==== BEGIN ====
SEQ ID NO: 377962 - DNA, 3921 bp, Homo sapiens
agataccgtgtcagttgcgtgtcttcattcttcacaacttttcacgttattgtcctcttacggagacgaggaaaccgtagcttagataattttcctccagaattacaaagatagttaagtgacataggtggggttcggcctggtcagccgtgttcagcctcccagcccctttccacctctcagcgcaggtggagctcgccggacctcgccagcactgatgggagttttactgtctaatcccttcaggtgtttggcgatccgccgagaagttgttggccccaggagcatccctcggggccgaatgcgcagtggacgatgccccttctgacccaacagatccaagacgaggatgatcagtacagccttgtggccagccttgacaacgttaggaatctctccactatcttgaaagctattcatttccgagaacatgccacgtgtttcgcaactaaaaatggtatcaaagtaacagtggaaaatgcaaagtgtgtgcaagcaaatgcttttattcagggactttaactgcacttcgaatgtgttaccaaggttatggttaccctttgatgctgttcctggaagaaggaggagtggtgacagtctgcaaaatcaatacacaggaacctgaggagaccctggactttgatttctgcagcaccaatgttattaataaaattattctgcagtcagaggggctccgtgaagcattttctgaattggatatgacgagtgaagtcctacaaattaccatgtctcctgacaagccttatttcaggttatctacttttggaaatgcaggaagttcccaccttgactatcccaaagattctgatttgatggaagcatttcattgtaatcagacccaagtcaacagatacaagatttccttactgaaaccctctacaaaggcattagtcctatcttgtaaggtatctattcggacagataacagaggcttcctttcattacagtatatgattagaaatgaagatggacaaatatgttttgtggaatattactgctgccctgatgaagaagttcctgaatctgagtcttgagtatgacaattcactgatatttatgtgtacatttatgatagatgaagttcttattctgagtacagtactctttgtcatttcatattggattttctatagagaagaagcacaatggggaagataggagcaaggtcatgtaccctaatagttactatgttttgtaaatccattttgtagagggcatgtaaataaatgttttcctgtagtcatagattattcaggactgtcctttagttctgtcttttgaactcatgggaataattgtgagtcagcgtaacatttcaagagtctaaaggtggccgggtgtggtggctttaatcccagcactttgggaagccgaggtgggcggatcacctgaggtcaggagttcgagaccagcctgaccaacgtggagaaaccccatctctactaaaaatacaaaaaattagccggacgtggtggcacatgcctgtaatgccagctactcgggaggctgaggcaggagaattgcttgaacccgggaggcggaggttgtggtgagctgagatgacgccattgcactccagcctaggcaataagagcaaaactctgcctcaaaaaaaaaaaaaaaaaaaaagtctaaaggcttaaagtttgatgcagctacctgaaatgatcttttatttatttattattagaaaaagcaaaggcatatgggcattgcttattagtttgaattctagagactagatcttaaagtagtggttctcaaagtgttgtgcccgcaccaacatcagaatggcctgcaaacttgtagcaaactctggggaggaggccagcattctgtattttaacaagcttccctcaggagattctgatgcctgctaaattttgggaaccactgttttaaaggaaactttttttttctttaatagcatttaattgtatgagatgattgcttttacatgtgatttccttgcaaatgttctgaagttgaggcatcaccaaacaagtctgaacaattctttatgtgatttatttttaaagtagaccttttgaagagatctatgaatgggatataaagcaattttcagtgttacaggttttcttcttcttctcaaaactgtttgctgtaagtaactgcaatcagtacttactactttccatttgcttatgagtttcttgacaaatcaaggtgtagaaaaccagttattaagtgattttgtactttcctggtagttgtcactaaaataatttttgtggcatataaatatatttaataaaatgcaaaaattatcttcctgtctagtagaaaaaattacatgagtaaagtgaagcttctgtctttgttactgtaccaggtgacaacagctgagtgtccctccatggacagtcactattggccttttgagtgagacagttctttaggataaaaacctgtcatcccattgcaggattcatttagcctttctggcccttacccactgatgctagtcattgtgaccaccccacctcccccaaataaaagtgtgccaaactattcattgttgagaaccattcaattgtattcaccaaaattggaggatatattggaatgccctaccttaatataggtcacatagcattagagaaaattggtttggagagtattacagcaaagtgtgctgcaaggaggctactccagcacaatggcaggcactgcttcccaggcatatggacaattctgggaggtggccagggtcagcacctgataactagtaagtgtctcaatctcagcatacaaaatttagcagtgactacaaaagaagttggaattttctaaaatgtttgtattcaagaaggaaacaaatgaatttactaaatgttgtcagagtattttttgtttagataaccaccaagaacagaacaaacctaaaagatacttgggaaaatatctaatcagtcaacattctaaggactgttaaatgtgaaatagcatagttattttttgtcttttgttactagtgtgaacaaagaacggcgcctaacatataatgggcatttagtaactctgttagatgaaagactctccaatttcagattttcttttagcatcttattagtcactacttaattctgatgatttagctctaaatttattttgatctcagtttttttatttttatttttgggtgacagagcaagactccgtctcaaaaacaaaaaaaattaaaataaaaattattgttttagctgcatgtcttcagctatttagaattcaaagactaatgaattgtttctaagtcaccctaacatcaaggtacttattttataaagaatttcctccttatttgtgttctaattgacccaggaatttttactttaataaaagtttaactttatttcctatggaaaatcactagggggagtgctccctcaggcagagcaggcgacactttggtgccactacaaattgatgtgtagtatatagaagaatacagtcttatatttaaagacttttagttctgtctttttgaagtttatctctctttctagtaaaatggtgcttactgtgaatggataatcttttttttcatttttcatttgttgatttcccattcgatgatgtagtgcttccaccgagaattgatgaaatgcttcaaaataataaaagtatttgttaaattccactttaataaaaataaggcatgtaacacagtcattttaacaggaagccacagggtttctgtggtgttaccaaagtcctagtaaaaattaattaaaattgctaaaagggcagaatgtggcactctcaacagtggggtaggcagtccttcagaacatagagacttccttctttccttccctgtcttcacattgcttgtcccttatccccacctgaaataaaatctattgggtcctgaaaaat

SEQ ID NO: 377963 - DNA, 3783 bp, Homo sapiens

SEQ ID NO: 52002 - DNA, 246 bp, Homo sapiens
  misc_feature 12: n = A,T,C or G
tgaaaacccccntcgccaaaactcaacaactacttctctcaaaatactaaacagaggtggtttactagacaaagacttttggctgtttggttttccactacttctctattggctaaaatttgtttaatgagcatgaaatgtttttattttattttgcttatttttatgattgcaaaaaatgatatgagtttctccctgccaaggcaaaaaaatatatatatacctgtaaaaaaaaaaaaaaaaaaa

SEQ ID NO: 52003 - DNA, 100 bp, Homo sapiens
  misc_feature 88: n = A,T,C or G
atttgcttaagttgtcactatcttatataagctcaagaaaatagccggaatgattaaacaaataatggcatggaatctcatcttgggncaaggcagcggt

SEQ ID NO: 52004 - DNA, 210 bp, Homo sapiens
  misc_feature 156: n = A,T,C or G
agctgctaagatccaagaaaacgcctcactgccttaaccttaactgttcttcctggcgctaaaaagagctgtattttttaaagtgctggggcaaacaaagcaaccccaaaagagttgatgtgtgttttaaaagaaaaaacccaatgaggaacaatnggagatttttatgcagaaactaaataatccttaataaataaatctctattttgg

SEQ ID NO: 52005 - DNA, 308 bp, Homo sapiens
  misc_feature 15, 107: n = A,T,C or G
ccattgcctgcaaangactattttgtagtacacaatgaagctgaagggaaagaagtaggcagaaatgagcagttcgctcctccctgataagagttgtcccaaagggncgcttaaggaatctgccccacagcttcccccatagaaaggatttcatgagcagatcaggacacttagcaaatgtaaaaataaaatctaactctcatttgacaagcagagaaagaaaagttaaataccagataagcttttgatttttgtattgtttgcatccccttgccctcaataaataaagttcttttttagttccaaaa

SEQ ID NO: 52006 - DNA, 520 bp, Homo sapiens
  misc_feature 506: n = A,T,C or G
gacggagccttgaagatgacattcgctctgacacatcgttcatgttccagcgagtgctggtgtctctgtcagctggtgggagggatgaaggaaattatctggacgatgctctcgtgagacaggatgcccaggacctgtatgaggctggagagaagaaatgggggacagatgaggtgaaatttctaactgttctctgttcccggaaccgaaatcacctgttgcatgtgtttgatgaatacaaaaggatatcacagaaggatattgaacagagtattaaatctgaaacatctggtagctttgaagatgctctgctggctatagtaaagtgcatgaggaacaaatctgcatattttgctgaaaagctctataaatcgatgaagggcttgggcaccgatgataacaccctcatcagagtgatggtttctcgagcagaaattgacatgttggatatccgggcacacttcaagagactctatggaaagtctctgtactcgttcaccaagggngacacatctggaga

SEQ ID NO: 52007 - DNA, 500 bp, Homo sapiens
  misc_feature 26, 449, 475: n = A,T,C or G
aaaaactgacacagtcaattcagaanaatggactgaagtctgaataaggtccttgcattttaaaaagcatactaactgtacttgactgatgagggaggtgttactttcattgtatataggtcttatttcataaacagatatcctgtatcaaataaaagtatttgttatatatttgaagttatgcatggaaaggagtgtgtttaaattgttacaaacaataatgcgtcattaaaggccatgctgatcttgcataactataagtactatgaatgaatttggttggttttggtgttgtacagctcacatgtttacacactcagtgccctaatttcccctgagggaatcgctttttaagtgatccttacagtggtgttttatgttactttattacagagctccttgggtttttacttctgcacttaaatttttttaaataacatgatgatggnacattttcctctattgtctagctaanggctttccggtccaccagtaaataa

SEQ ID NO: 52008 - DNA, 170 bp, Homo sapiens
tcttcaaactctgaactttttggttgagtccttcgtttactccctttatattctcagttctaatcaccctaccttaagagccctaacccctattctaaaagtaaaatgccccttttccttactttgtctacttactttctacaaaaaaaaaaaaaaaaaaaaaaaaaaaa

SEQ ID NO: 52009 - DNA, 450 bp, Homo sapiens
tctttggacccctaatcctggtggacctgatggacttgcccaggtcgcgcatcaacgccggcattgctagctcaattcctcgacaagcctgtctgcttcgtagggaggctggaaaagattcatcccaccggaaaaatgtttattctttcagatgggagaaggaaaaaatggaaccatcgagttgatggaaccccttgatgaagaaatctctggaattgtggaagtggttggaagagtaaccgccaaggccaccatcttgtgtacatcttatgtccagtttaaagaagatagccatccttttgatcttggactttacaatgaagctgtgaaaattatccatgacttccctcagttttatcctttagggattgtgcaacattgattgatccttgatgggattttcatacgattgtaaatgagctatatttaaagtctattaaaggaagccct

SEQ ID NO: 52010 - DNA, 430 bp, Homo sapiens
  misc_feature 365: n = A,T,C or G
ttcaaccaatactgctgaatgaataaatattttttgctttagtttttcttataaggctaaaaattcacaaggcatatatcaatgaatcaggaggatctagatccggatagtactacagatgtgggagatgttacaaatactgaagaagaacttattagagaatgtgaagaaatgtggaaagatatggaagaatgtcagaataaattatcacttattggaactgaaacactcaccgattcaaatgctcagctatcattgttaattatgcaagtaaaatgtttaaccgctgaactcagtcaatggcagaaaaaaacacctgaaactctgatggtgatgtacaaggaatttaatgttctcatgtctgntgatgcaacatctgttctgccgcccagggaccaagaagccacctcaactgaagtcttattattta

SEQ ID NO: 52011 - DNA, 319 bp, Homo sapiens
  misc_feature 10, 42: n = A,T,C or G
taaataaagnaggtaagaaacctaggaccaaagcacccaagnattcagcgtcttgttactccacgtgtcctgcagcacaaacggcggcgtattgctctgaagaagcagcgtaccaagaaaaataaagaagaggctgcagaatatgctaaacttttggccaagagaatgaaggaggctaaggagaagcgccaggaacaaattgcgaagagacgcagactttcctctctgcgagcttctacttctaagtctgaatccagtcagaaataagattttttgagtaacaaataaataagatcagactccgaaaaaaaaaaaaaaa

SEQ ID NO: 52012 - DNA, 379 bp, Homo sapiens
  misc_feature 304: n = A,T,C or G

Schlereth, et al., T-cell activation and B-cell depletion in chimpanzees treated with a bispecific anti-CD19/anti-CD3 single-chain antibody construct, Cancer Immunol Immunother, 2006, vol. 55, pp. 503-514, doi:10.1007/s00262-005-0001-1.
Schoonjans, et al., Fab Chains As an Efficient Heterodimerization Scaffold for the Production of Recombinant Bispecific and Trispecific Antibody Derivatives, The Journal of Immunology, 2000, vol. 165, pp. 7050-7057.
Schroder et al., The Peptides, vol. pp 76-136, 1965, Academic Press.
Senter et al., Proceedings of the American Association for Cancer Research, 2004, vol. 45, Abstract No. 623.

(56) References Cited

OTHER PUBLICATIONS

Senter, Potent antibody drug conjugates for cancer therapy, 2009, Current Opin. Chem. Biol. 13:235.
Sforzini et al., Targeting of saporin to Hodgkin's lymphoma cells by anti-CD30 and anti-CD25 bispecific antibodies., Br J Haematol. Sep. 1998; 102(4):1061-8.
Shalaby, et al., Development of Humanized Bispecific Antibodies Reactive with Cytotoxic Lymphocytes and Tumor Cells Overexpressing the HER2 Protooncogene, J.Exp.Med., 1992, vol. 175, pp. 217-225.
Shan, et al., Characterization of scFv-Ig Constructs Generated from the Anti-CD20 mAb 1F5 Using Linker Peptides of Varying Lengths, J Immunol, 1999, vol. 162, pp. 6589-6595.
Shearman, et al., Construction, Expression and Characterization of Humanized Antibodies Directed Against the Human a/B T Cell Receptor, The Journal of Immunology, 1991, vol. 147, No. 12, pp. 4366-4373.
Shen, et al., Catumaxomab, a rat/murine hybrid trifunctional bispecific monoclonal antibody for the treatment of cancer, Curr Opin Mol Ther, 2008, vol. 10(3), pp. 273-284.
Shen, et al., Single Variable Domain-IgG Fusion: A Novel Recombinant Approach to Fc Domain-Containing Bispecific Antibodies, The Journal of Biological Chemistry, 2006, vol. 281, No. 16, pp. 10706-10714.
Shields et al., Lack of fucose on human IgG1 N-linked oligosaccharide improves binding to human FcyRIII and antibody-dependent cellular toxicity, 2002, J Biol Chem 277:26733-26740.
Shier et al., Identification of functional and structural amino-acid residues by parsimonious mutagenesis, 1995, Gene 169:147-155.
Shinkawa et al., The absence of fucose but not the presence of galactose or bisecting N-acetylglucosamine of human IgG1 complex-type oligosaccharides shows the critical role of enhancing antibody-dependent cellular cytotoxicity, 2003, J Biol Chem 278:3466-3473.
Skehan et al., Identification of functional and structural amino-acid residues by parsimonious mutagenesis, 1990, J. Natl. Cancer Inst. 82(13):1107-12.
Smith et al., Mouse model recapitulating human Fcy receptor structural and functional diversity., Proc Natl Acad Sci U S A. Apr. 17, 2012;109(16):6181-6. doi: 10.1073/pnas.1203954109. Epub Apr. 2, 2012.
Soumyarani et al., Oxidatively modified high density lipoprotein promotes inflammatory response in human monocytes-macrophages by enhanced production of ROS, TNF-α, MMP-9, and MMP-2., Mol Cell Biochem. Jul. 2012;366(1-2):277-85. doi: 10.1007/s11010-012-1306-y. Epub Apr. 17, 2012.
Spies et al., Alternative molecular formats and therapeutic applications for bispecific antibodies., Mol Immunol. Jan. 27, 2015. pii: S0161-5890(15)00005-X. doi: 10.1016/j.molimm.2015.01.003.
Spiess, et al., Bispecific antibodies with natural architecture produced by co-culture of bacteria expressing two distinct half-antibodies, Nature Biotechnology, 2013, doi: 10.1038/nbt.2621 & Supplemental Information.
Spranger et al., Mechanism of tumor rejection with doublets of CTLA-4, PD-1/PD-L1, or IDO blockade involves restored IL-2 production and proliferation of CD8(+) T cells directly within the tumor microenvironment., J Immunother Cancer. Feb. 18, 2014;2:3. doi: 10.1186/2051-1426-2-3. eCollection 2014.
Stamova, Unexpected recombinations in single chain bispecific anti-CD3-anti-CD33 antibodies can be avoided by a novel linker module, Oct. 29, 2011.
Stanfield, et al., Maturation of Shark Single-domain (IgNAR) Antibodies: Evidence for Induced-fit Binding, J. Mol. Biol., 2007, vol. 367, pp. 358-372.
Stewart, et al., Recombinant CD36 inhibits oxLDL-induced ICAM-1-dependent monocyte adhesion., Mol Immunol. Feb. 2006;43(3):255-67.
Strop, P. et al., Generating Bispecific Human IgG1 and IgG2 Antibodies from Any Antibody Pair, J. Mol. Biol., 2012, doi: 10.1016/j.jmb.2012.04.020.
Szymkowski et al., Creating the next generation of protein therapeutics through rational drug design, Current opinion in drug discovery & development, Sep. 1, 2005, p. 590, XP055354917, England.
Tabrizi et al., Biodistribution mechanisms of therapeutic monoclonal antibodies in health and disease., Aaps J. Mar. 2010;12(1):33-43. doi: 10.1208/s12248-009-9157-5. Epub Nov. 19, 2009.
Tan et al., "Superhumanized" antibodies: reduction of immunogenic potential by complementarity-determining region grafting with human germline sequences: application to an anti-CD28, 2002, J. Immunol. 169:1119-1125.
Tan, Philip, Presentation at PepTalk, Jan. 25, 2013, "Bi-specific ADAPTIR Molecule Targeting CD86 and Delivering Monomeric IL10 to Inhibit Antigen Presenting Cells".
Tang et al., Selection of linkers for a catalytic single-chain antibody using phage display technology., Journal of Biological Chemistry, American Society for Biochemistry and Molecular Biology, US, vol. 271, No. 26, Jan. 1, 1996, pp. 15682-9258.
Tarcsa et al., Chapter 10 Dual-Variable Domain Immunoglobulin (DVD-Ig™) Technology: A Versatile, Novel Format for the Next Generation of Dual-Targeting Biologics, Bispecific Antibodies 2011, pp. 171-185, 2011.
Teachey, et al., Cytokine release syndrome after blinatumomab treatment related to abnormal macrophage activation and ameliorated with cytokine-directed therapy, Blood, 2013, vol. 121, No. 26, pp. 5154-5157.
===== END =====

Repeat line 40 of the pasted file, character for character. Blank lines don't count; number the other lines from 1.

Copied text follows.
Senter, Potent antibody drug conjugates for cancer therapy, 2009, Current Opin. Chem. Biol. 13:235.